While the back-up centers survived as “support centers,” they received little from the Corporation in the initial years. Funding was not significantly increased over 1975 levels although the number of field program staff the centers supported increased dramatically through expansion. As a result, the centers were stretched very thin in attempting to meet the assistance requests, particularly those from expansion programs and offices.

Based on the Polikoff Report, the Tatel Analysis and the Ehrlich Memo, the training centers (Legal Services Training Program and National Paralegal Institute), the NLADA Management Assistance Project and the National Clearinghouse for Legal Services were terminated. The Clearinghouse was absorbed into the Corporation with no change in office location and little change in staff and operation.

The Green Amendment very much shaped the future of the Corporation. The Corporation created two separate divisions—the Office of Program Support and the Research Institute–to take over the activities of the back-up centers that had to be handled by the Corporation. This organization was a particular stimulus to training and to research activities that came “in-house” under the Green Amendment. The Research Institute produced a series of papers, articles and books on “poverty law” subjects, sponsored conferences to discuss and disseminate its work and undertook delivery research.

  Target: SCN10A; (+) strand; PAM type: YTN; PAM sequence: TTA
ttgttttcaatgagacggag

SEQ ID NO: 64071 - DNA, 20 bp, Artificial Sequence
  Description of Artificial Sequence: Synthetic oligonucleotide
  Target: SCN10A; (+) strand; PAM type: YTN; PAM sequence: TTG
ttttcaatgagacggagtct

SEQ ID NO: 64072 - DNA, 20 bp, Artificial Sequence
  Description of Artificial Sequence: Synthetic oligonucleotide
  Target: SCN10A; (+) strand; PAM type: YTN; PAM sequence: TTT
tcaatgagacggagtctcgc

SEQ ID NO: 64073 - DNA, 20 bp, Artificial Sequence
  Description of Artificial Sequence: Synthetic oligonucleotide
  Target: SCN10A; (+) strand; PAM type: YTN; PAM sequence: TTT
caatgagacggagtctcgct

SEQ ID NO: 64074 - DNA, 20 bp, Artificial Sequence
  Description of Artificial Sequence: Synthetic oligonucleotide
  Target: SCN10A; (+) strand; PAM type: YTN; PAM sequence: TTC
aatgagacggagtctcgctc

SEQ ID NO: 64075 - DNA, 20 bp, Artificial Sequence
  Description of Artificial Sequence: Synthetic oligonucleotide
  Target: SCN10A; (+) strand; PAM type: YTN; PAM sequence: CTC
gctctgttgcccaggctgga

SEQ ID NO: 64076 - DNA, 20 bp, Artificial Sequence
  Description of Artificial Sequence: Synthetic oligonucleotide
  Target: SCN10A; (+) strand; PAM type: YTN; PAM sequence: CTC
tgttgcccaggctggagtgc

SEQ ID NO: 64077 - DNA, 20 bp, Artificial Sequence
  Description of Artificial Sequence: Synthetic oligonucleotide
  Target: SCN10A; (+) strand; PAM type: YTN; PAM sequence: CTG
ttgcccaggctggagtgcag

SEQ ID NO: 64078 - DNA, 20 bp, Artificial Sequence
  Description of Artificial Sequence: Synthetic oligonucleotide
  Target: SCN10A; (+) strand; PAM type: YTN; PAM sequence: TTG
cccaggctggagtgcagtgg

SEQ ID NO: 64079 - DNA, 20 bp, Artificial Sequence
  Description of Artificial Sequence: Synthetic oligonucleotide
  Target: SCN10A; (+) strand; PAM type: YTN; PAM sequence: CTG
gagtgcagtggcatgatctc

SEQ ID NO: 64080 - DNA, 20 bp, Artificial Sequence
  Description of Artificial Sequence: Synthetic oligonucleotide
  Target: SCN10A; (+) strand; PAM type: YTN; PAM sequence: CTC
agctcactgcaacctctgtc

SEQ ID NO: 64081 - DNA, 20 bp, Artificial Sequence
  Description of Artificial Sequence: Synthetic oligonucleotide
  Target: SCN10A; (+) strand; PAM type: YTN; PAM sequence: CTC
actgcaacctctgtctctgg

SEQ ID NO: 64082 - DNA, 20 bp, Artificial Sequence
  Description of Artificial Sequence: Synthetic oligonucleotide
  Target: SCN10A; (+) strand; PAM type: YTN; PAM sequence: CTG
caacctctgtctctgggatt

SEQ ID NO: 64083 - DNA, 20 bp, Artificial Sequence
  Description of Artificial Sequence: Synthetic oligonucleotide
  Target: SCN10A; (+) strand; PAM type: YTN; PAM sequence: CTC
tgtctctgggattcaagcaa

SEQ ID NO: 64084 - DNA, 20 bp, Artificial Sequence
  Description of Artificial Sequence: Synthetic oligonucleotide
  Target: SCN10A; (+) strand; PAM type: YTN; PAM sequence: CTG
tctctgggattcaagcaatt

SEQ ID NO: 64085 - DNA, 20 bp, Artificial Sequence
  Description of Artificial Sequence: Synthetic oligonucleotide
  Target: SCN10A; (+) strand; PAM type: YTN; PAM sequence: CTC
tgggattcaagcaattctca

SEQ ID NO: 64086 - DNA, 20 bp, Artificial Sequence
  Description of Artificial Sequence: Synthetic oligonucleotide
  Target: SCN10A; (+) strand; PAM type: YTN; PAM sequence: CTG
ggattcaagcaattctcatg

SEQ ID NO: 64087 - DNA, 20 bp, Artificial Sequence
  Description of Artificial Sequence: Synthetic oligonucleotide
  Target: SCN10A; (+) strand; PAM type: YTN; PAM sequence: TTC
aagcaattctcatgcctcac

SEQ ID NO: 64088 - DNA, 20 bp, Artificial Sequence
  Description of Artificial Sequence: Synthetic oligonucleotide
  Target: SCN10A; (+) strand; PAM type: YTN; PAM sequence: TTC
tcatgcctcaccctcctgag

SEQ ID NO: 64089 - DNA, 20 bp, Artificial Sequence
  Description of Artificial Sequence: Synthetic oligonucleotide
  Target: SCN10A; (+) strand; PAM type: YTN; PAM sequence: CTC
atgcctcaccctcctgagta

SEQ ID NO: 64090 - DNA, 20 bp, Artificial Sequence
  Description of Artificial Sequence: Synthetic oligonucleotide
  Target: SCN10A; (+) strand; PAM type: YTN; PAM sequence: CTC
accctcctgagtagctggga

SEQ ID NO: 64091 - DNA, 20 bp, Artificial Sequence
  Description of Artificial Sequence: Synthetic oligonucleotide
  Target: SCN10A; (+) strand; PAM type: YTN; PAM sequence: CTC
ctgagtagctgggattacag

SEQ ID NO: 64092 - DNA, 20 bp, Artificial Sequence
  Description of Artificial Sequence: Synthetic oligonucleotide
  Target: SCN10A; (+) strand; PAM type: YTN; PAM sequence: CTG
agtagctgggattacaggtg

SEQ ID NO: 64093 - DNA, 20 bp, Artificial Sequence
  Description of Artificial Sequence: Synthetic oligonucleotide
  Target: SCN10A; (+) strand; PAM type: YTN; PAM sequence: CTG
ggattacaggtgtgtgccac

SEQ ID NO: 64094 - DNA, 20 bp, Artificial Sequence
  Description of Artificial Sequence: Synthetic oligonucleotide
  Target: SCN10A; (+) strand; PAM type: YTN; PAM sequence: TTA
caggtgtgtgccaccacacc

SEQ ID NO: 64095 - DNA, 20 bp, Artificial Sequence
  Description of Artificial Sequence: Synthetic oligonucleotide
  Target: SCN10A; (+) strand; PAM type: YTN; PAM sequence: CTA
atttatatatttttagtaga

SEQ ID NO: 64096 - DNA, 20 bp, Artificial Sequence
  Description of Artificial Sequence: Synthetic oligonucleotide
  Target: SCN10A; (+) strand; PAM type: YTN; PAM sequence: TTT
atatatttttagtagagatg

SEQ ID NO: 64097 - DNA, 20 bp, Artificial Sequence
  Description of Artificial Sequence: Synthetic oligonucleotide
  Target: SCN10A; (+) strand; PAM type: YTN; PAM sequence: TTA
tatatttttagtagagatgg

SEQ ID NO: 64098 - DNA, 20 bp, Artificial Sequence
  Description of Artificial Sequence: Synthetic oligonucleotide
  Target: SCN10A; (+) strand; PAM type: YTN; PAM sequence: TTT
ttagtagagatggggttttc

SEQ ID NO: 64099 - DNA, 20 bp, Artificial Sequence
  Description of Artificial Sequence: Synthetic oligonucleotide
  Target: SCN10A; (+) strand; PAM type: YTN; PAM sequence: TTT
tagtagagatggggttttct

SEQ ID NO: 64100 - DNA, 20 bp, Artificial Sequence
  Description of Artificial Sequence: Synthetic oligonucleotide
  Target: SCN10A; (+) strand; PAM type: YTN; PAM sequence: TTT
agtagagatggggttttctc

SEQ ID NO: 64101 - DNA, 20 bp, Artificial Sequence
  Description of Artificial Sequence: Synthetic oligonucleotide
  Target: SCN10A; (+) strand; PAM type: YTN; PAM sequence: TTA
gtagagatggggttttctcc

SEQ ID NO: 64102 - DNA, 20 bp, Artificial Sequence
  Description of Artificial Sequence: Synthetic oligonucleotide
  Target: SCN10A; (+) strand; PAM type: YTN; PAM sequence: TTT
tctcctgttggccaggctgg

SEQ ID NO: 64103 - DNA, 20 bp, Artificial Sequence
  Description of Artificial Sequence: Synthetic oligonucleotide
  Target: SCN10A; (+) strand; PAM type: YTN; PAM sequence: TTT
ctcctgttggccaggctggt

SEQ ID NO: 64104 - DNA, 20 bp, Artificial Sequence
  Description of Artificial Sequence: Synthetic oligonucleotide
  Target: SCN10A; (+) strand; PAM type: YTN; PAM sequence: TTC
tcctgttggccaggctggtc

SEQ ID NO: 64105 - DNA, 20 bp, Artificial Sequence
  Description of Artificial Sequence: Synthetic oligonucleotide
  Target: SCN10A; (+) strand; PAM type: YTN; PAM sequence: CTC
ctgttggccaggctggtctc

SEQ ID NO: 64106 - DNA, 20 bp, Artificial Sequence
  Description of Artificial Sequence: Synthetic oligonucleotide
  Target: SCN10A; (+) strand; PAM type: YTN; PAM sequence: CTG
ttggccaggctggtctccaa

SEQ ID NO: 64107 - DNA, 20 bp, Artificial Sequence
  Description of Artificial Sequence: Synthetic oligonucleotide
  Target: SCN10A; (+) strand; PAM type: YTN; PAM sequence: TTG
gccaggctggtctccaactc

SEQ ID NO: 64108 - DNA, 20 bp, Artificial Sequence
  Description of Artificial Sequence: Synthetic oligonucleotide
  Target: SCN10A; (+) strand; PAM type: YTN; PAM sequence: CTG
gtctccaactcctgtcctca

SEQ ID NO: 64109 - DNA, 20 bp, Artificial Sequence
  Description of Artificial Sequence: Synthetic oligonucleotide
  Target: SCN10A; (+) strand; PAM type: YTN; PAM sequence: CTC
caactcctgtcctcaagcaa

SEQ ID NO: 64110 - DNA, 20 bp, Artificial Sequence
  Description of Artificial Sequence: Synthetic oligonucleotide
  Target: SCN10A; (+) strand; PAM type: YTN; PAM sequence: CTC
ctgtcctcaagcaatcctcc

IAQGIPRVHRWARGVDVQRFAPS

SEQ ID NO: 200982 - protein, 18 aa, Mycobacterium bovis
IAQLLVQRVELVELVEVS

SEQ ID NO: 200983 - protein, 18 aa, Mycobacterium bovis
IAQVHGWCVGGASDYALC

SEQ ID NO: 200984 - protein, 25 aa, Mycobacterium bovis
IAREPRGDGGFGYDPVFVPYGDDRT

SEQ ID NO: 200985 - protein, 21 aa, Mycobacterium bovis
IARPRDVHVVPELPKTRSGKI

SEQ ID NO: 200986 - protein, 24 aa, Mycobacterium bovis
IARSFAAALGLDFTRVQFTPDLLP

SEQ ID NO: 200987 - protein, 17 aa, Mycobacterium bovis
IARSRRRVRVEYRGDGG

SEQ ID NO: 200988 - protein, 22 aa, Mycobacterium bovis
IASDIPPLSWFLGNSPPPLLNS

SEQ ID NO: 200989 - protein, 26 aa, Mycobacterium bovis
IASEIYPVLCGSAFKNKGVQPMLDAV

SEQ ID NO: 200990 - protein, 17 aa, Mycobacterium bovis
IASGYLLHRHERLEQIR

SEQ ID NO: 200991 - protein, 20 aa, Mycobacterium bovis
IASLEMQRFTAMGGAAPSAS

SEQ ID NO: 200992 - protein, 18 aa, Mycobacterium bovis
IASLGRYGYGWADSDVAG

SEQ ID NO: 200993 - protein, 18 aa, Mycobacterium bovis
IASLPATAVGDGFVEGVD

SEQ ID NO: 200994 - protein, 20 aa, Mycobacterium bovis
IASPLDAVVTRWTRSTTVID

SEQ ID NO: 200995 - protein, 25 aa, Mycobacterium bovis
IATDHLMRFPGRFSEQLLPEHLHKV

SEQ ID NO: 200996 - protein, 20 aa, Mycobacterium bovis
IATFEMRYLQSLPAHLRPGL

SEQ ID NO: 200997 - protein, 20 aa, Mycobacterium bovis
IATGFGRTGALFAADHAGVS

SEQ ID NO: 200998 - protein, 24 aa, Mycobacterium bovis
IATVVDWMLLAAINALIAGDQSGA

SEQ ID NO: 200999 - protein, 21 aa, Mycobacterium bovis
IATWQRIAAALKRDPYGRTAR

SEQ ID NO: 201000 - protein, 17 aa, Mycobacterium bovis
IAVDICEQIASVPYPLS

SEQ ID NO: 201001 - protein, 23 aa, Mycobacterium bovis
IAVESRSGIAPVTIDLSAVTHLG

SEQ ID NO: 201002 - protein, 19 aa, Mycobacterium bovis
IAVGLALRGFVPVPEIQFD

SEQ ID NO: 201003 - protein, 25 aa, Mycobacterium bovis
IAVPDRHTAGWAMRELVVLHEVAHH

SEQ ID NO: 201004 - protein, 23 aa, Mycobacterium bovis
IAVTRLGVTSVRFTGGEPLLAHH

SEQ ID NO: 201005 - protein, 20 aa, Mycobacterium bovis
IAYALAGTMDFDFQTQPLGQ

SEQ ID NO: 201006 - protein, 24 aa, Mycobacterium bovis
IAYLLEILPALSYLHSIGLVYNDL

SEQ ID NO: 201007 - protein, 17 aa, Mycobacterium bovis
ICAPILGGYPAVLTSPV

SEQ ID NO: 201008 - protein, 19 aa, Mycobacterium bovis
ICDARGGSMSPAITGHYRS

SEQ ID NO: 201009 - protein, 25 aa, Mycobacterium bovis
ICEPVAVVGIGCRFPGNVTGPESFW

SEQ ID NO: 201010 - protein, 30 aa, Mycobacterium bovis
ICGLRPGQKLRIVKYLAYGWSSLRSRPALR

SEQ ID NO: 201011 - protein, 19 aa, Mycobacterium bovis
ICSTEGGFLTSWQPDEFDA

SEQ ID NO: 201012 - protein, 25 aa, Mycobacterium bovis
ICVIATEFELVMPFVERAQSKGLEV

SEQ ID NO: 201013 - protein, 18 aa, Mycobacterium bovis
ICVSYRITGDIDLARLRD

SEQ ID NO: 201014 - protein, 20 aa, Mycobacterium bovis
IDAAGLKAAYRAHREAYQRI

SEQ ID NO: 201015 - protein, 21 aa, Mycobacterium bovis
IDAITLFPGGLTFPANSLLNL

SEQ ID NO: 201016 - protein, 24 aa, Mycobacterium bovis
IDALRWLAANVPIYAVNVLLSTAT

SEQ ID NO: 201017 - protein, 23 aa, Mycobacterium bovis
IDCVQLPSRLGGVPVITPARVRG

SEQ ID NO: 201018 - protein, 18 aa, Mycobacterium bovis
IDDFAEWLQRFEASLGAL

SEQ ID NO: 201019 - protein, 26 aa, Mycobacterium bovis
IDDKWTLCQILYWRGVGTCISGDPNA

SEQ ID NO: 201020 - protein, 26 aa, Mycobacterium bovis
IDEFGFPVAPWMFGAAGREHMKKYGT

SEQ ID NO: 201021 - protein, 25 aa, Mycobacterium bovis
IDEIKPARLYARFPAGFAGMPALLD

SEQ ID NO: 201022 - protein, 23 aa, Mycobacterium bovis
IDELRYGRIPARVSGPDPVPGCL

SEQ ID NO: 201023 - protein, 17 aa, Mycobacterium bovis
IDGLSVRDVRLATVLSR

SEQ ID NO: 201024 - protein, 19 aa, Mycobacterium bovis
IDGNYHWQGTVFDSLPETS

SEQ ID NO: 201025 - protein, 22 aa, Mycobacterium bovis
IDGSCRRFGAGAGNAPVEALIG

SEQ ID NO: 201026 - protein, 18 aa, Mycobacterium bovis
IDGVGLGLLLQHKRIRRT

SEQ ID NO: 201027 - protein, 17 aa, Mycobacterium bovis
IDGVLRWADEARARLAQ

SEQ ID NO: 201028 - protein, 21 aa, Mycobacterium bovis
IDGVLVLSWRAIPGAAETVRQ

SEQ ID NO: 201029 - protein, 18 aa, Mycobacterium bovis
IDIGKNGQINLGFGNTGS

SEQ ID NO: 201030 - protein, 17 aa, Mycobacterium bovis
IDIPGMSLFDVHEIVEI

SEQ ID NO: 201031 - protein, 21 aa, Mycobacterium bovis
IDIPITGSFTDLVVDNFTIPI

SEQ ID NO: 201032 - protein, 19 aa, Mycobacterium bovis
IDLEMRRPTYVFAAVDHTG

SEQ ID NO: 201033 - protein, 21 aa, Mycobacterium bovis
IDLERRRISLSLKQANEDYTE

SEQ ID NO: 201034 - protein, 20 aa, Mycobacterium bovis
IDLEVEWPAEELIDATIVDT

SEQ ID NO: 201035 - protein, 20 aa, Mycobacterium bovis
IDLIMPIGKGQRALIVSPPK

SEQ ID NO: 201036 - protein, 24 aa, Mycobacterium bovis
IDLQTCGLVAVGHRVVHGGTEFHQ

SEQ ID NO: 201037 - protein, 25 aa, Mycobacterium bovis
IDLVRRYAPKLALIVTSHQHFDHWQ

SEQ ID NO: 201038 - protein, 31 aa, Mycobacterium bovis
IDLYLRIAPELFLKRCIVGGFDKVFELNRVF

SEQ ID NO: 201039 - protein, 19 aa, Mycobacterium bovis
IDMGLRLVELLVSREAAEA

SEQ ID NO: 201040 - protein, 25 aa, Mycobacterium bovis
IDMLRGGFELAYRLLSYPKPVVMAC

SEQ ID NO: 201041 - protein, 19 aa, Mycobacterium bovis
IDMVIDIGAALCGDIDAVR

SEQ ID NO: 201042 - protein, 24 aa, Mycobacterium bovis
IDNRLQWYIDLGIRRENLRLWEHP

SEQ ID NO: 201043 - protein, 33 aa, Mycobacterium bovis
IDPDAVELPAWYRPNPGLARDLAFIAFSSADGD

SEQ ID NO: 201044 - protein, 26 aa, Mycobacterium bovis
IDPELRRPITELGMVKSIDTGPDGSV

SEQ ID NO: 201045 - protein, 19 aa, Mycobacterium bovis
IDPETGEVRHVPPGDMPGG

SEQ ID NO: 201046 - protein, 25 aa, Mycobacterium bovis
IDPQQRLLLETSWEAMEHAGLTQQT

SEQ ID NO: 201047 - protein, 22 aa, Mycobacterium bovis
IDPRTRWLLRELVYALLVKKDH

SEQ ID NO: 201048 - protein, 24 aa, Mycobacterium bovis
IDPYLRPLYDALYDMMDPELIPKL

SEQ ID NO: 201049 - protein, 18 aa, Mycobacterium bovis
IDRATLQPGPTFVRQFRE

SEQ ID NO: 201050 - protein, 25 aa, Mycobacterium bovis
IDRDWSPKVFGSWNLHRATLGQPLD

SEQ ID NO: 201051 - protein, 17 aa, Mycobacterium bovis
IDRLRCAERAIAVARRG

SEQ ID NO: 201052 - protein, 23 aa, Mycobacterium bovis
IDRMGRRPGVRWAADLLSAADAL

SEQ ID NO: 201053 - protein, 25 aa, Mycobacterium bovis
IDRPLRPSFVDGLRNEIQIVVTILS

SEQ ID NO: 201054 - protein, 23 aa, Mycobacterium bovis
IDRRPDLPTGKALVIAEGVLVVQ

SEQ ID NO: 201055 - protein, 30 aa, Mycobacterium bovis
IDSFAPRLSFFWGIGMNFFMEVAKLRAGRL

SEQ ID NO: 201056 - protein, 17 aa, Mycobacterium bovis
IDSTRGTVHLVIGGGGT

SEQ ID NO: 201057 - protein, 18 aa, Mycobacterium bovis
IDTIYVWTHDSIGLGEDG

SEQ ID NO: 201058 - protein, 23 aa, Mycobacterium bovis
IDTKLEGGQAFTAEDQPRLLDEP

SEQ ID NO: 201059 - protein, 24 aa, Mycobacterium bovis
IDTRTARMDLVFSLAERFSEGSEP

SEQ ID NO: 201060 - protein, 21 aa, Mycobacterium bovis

The Office of Program Support (OPS) concentrated on training, greatly expanding the national training effort and eventually working into regional and local training. Most of the activities of the terminated centers were continued in OPS. Management assistance functions were divided between OPS and the Office of Field Services (OFS). Up until 1980, OPS and OFS shared authority for management assistance without a clear division of responsibility. Regional offices (part of OFS) provided management assistance to programs. Washington OFS staff developed efforts to assist new and expansion programs. OPS staff ran training and did some direct management assistance. Technical assistance, at least as administered by the regional offices, took various forms–cash awards to accomplish a discrete purpose (to computerize the financial system or to produce a pro-se divorce video tape); the provision of outside consultants to provide a particular service (a management systems expert, or an architect, or a group facilitator to help set program priorities); and consultation on an administrative issue by regional office staff.

During the reauthorization of the LSC Act in 1977, the Green Amendment was deleted, although broad general legal or policy research unrelated to representation of eligible clients could still only be done in-house. This legislative change gave LSC more discretion on how to deliver and fund support.

Alan Houseman’s next blog will explore what LSC did in1977-1981 to grow and expand the support system.

Alan Houseman is the former executive director of CLASP and emeritus senior fellow of the organization, and the president of the Consortium for the National Equal Justice Library. The opinions presented in this blog series are his own.